7 June, 2019 |0 Comments
Specimen fishing ace Tony Gibson looks back on a successful winter campaign targeting big fish.
Tony spent his winter targeting a 40lb plus UK sturgeon, big perch on reservoirs before dropping onto the river where he landed a surprise capture..
As the mild Autumn weather finally slipped away and gained some cold winter ‘bite’ to it, my thoughts started to turn towards a bit of predator fishing.
An opportunity came up to spend a couple of days afloat on one of the Midland trout reservoirs that had produced the odd very big fish in the past, so I was soon booked up on two consecutive days, with the special treat of sharing the boat with Mark Parker on the first day.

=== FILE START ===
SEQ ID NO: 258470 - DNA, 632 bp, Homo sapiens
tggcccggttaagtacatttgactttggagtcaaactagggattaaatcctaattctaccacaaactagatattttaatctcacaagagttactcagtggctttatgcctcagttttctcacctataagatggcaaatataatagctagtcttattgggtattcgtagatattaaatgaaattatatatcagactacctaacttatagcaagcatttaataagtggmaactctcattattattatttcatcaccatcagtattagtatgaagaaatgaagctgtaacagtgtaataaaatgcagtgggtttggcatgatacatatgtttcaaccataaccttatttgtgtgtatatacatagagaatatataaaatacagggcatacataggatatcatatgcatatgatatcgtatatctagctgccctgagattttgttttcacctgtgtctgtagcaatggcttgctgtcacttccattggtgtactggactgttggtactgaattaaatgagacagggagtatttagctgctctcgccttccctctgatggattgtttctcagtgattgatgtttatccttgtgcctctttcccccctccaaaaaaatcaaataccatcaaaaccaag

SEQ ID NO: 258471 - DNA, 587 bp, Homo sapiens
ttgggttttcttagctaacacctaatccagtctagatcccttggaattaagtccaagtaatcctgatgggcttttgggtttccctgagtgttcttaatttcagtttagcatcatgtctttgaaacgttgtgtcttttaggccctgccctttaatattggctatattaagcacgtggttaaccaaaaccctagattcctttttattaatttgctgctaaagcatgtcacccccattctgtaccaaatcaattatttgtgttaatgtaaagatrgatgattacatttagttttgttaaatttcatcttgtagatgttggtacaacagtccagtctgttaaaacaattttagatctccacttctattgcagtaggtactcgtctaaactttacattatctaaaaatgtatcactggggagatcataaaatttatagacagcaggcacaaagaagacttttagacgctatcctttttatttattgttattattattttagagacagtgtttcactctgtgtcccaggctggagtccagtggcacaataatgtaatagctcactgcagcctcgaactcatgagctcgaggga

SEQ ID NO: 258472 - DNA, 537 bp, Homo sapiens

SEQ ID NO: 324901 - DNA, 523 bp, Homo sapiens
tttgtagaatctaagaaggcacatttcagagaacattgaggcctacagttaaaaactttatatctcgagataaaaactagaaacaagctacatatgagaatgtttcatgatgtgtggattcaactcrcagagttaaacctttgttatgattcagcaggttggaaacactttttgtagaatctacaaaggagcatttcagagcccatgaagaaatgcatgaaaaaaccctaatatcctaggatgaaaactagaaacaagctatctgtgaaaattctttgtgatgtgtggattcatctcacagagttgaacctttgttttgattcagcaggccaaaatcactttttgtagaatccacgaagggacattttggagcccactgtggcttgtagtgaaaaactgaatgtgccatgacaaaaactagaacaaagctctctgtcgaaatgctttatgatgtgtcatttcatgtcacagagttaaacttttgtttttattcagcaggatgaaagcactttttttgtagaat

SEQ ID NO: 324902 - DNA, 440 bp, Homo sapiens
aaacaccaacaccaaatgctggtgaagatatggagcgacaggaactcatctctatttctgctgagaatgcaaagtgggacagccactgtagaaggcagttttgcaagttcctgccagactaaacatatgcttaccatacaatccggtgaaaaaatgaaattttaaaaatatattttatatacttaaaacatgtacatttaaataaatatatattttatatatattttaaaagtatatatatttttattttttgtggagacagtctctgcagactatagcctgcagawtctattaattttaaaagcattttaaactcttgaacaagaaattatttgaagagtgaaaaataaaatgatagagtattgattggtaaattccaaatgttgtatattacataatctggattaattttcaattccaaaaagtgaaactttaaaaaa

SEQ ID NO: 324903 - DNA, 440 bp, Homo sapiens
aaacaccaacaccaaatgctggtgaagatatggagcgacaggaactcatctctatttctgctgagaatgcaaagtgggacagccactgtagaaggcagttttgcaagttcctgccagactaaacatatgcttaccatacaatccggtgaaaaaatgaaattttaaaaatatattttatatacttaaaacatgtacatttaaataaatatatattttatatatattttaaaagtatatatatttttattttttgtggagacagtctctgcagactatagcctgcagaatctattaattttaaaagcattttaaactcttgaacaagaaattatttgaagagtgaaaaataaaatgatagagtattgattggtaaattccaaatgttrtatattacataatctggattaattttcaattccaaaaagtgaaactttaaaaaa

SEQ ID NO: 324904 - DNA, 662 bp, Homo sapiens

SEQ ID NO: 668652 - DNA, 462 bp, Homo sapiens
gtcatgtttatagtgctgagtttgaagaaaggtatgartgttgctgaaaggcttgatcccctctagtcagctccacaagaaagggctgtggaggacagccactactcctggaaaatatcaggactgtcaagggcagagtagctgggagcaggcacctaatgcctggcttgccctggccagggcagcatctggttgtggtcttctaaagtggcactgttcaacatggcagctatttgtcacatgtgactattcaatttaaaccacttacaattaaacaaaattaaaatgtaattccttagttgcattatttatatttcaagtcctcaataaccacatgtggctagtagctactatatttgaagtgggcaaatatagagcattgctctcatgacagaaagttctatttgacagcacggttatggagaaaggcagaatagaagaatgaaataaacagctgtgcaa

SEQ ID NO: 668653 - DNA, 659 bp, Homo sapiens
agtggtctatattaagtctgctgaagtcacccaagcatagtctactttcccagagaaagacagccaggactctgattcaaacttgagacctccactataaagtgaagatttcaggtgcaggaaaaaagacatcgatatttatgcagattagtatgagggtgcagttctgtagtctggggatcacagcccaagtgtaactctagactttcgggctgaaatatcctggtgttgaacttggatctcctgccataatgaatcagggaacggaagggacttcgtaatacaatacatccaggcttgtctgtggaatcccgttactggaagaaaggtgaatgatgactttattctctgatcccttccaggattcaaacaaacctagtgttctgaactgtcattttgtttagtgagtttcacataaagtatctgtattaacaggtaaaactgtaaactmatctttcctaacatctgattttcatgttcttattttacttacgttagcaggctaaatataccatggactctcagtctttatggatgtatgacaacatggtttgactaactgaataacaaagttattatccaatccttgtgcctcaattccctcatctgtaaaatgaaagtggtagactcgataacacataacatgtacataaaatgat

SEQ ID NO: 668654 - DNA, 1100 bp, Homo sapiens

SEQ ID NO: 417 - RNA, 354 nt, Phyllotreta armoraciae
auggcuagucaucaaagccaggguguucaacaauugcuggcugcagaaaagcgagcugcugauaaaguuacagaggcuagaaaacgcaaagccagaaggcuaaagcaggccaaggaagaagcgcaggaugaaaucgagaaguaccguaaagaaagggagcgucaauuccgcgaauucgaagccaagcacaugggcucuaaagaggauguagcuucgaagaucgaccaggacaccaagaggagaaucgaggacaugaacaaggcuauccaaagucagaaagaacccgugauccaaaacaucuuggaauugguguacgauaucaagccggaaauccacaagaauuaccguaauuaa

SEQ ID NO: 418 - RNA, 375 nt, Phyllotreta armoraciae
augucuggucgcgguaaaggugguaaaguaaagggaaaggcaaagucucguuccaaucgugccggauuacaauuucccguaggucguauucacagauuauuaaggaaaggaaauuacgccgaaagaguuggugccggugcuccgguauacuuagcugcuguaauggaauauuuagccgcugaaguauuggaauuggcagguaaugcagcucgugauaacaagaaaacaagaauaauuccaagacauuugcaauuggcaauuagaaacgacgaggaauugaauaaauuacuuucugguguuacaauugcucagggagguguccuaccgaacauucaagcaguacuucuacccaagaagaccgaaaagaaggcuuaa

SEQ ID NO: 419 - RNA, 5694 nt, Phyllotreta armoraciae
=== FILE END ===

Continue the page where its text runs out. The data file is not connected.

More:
Unfortunately for us the weather turned sunny and warm again, and therefore most of the boats, including ourselves, struggled for a fish. However, we stuck with the area that we’d first selected after a good search around that side of the reservoir with the aid of Mark’s sophisticated portable sonar equipment.
We probably worked it out about right, as later in the day one of the guys in a boat close to us landed a big fish and a little while later I eventually had a run on a decent sized deadbait suspended under a drift float. It’s always exciting when you get a run on a place like this, as the fish responsible could be a jack… or could be an absolute monster. Unfortunately, in this case, it was more of the former, as the size was quite disappointing.